RVT Spotlight of the Month – December 2020

December 1, 2020

Career Spotlight of the Month (December 2020)

Name: Alysha Birtles, RVT

Current Job: Lead Registered Veterinary Technician at the Lincoln County Humane Society Animal Clinic.

Q & A with Alysha

OAVT: Where did you go to school and what made you decide to take a Veterinary Technology program?

Alysha: I went to Georgian College, and honestly my whole life I have loved animals, but a few years back I had two Boxer sisters and one of them, unfortunately, had chronic kidney disease and we tried everything with her. At this point, I was in school to become a nurse, and I was very unhappy. I decided to do extensive research on chronic kidney disease in dogs, and that was it, I was hooked. Though even before that, my mom says that as a young child I wanted to work with animals in some way.

OAVT: We were told you recently became “Lead RVT”. What was that like? Did it come with increased responsibility? Does it allow you to use a different side of your skillset?

Alysha: Honestly, I was blown away by this, I did not expect it, especially just coming back from maternity leave. The role did come with increased responsibilities; I have been involved in hiring new employees, I’m more of a go-to problem solver for people and I oversee the inventory and ordering. I also get to put my organizational skills to work, which I was able to do before but not to this extent.

OAVT: The LCHS was the first and now is only one of two humane societies in the province to have a full-service clinic, open to the public. How does the full-service clinic open to the public work?

Alysha: We have a spay and neuter clinic that runs Mondays and Wednesdays, and Monday thru Friday we run a full-service clinic that serves the animals at the shelter but also to the public. We run like a regular clinic and have a separate entrance from the shelter. We are a non-profit organization and can serve the public at a lower cost than most clinics because of this but also to be able to aid the people that cannot afford some of the costs as well.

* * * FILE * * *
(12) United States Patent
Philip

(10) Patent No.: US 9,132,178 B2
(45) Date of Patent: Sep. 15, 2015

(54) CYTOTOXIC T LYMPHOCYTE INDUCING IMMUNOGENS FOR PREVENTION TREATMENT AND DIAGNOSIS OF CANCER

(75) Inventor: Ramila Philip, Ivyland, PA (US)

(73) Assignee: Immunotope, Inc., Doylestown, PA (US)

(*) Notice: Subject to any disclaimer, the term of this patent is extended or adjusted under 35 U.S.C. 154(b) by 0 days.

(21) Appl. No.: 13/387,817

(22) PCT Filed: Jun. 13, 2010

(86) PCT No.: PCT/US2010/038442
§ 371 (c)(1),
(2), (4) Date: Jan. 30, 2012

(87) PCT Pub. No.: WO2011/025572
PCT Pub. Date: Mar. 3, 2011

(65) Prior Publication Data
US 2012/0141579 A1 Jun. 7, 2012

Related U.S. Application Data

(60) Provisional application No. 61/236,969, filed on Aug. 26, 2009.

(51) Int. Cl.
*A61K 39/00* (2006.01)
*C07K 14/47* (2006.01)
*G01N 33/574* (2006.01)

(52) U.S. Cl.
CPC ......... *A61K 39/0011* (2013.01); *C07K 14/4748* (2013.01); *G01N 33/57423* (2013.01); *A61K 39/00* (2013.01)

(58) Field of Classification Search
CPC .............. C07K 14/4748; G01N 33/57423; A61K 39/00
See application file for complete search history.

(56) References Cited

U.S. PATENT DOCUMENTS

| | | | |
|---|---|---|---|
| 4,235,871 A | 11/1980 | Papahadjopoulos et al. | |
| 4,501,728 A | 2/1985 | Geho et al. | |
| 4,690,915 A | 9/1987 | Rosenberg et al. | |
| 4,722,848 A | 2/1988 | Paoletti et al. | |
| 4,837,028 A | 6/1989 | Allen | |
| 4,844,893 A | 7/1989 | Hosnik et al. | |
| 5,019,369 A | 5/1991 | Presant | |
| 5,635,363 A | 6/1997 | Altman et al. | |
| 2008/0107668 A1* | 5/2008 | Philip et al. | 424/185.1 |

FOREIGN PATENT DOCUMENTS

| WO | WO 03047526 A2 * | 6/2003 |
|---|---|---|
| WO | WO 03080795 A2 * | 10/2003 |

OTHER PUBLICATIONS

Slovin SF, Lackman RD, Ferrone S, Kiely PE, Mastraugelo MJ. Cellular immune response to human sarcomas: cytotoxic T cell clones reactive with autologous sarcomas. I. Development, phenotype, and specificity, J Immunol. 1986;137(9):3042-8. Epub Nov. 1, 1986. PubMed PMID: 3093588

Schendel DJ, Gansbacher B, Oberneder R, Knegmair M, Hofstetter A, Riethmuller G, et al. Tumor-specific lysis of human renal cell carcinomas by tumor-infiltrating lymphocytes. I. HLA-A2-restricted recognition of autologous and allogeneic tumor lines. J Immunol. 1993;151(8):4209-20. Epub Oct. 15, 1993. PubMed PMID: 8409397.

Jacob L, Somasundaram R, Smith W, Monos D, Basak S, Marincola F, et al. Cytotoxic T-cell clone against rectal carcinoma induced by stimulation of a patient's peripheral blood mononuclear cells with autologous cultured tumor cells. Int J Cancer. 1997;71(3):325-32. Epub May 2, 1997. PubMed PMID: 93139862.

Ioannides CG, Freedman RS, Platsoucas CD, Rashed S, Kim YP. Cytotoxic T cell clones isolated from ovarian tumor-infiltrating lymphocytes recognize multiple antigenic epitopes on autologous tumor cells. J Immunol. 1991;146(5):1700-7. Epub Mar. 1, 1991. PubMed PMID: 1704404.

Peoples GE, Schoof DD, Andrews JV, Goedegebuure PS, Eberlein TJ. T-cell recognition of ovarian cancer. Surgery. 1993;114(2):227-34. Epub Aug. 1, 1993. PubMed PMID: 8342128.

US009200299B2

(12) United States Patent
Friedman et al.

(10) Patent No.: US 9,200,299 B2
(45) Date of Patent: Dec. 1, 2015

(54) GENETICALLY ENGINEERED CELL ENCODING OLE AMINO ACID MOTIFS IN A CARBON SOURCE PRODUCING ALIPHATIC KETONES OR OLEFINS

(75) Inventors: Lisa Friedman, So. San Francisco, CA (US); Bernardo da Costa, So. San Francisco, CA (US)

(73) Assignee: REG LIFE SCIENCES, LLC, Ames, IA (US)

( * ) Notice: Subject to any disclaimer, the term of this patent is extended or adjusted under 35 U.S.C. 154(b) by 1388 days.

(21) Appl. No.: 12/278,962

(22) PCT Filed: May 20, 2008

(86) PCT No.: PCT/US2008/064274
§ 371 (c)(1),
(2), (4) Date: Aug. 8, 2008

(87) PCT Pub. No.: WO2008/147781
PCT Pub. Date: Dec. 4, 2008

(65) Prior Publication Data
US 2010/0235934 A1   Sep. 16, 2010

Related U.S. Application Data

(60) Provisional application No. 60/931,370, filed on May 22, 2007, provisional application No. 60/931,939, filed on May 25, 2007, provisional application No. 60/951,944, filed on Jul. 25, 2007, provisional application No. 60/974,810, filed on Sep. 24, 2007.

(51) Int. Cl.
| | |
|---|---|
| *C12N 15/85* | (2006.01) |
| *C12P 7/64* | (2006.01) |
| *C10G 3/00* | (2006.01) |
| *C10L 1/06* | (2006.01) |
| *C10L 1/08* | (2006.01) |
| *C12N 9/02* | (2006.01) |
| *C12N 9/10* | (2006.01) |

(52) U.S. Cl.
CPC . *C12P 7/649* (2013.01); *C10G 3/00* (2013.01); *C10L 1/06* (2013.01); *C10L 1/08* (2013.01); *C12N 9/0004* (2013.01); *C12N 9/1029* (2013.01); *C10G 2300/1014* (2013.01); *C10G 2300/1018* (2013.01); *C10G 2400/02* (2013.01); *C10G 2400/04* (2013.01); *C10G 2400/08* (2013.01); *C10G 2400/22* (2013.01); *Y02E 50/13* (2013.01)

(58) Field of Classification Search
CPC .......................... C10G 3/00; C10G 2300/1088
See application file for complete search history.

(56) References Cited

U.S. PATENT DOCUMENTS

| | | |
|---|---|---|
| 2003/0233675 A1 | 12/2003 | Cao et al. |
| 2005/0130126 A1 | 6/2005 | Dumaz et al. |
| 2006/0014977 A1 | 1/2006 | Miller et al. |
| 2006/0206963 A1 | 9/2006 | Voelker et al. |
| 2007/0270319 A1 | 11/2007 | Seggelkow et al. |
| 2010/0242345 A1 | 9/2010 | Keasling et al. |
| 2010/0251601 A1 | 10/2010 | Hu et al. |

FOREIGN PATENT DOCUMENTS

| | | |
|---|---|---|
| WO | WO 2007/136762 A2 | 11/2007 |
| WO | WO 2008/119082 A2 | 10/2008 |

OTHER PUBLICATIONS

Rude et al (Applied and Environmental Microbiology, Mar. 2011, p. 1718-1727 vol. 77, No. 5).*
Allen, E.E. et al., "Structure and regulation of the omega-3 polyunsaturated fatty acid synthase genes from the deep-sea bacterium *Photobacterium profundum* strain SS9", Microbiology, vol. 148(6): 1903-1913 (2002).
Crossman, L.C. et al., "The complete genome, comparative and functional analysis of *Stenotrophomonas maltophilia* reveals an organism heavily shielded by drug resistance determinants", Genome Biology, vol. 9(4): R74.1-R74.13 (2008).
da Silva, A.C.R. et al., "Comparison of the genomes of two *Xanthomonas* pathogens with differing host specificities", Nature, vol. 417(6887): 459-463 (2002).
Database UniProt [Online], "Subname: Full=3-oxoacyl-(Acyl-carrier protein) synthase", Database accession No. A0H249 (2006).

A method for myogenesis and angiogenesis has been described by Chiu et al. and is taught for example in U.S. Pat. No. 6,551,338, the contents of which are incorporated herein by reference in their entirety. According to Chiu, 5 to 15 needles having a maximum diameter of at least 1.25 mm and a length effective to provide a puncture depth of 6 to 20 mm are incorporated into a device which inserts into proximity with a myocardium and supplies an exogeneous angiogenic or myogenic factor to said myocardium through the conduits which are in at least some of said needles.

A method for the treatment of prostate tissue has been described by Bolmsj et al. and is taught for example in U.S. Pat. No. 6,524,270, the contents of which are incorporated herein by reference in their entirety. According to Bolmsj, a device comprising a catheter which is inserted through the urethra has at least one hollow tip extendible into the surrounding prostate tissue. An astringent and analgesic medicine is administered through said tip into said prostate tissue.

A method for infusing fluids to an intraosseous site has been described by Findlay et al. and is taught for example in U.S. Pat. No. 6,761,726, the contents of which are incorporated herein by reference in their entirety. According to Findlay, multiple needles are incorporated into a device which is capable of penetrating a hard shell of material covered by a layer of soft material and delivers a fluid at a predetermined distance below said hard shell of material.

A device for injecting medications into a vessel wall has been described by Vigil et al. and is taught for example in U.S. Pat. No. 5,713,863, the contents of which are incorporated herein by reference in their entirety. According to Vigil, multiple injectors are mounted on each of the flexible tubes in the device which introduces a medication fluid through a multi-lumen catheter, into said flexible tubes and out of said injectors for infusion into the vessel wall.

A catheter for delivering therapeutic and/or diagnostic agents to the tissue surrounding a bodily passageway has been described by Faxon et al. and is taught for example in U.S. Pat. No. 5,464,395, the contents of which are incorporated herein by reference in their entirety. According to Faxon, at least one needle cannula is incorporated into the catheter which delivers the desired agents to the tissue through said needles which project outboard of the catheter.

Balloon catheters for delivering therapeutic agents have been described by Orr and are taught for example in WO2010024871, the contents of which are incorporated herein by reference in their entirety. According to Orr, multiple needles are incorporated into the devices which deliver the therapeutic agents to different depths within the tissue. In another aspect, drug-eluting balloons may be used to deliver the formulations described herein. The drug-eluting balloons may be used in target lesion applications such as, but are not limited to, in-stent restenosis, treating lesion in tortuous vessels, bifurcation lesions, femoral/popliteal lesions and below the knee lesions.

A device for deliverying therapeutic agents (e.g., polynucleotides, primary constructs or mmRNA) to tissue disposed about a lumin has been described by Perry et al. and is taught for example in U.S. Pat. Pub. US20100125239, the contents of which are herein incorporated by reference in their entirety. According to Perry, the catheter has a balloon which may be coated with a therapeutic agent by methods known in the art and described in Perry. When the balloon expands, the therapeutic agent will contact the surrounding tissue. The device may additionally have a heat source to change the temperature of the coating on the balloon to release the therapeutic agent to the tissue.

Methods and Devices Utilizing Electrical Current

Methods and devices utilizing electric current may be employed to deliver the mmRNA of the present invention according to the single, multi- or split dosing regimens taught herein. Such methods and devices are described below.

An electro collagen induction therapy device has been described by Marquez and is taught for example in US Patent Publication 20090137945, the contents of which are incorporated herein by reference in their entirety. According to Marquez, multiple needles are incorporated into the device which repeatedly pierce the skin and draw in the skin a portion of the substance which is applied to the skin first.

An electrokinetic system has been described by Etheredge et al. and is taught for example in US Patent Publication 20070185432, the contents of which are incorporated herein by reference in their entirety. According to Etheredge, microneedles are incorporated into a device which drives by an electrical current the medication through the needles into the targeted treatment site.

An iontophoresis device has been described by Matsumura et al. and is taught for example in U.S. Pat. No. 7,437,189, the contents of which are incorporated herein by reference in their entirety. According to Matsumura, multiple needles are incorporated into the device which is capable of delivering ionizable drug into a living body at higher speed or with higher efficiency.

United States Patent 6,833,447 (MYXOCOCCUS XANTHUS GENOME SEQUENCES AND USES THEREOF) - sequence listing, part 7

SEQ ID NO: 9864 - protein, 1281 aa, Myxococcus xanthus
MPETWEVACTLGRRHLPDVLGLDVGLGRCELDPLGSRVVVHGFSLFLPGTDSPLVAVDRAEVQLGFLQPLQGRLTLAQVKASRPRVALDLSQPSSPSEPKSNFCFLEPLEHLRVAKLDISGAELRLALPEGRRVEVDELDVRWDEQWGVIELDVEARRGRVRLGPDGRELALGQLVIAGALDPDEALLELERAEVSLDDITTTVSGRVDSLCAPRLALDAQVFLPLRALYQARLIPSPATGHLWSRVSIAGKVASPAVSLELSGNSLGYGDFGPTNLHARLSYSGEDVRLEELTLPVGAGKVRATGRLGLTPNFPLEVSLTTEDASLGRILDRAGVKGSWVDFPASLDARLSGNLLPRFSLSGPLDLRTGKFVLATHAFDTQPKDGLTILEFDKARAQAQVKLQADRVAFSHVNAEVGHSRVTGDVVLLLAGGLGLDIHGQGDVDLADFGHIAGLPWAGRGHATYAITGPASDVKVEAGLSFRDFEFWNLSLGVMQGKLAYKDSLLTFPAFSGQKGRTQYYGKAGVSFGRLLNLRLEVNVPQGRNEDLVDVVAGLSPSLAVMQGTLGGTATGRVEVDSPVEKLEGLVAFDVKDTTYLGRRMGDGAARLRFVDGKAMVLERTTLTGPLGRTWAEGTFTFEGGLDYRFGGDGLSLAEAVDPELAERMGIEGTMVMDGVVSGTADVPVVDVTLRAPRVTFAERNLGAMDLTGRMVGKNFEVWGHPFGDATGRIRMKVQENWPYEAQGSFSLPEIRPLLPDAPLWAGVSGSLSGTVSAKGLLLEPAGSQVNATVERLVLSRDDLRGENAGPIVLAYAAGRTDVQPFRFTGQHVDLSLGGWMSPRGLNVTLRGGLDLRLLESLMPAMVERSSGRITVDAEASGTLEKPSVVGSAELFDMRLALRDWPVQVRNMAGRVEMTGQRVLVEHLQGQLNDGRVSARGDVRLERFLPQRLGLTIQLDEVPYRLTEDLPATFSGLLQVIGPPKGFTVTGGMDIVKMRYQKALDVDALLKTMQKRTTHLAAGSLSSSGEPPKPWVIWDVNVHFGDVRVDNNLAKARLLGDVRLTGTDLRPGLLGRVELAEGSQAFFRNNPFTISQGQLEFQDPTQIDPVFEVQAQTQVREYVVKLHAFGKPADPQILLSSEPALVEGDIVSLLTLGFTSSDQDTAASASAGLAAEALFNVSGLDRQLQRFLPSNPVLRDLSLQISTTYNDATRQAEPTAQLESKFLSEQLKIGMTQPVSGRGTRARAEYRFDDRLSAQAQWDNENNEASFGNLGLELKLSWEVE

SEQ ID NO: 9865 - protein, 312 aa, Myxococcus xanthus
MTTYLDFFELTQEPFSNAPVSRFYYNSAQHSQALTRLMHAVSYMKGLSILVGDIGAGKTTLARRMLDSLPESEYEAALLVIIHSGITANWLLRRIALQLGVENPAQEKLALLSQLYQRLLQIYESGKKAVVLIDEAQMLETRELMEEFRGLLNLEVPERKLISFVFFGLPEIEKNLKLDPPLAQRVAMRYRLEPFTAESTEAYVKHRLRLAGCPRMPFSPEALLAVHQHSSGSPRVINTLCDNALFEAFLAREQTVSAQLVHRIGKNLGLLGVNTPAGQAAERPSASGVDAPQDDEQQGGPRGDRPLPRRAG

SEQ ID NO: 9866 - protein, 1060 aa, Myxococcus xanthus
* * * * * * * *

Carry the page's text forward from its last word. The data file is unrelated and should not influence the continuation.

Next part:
OAVT: Do you have a large role in that part of the operations (the public clinic)? Is it something you feel passionate about?

Alysha: I was one of the RVTs who helped open the clinic, which to me was such an honour. And to be able to help people when they need it and cannot always afford it but want to do right by their animals has always been something I am passionate about. We also get to help the shelter animals. Even though I do not work at the shelter, the fact that we help them is hugely important for me because before I even knew what an RVT was I wanted to work in a shelter. I’ve watched shows on tv to do with veterinarians, or with shelters since I was very little and I think it clicked in how much I love it.

OAVT: What other jobs have you had in the RVT field?

Alysha: During my second year of college, I was hired at one of the local veterinary emergency clinics, and I honestly loved it. I loved how fast-paced it could be and the interesting cases that came through the doors.

It was through the clinic that I am with now, that I had the opportunity to work with a veterinarian who specializes in rabbits. I have always loved rabbits but was too nervous to be around them and to work on them. This veterinarian went above and beyond to teach me all the tips and tricks she could in the short time I worked with her.

OAVT: What are your goals/dreams/plans for the future of your RVT career?

Alysha: My goal for the future of my RVT career is to continue being in my current position. Though I would love to go on mission trips to do spay/neuter surgeries in areas that need it the most. Or go into more of a shelter RVT role.

OAVT: What advice would you give to RVTs who have ambitions of being a “head RVT” at their clinic or practice? What skills or qualities do you think are important to have?

Alysha: My advice is to never give up on doing your best, honestly, I was not trying to become a head RVT at my clinic. I was just doing the best in my jobs. I do believe that being organized is important and willing to give it your all. I think that you have to be able to be there for those around you and be a team worker.

OAVT: RVTs are passionate people, and every RVT has an area they are most passionate about. What is your passion?

Alysha: Honestly, it would have to be spay/neuter, I love it. For spay/neuter, I like that I can see all the different cats and dogs that come in for the surgeries. But also, I like seeing the process from beginning to end. I feel like we are not only benefitting the individual pet but the population that we are helping to control by doing these surgeries. I love that we can give these services to people in a more cost-efficient way so more people are willing to do this for their animals.

The funny thing is that before starting to work here, spay/neuter is not something I would think I would be the most passionate about, I was petrified to start here. I did not think I would enjoy it; I was scared that I was not cut out for it, but now I cannot imagine doing anything else.

How do I become an RVT

Whether you are an Ontario student or internationally trained graduate, learn about the five steps it takes to become a Registered Veterinary Technician.

Job Board

Search through Ontario’s #1 source for animal healthcare jobs. New jobs are posted daily.

RVT Registry

The official Registry of Ontario’s Registered Veterinary Technicians. All RVTs in good standing can be found in this searchable Registry.

Scroll Up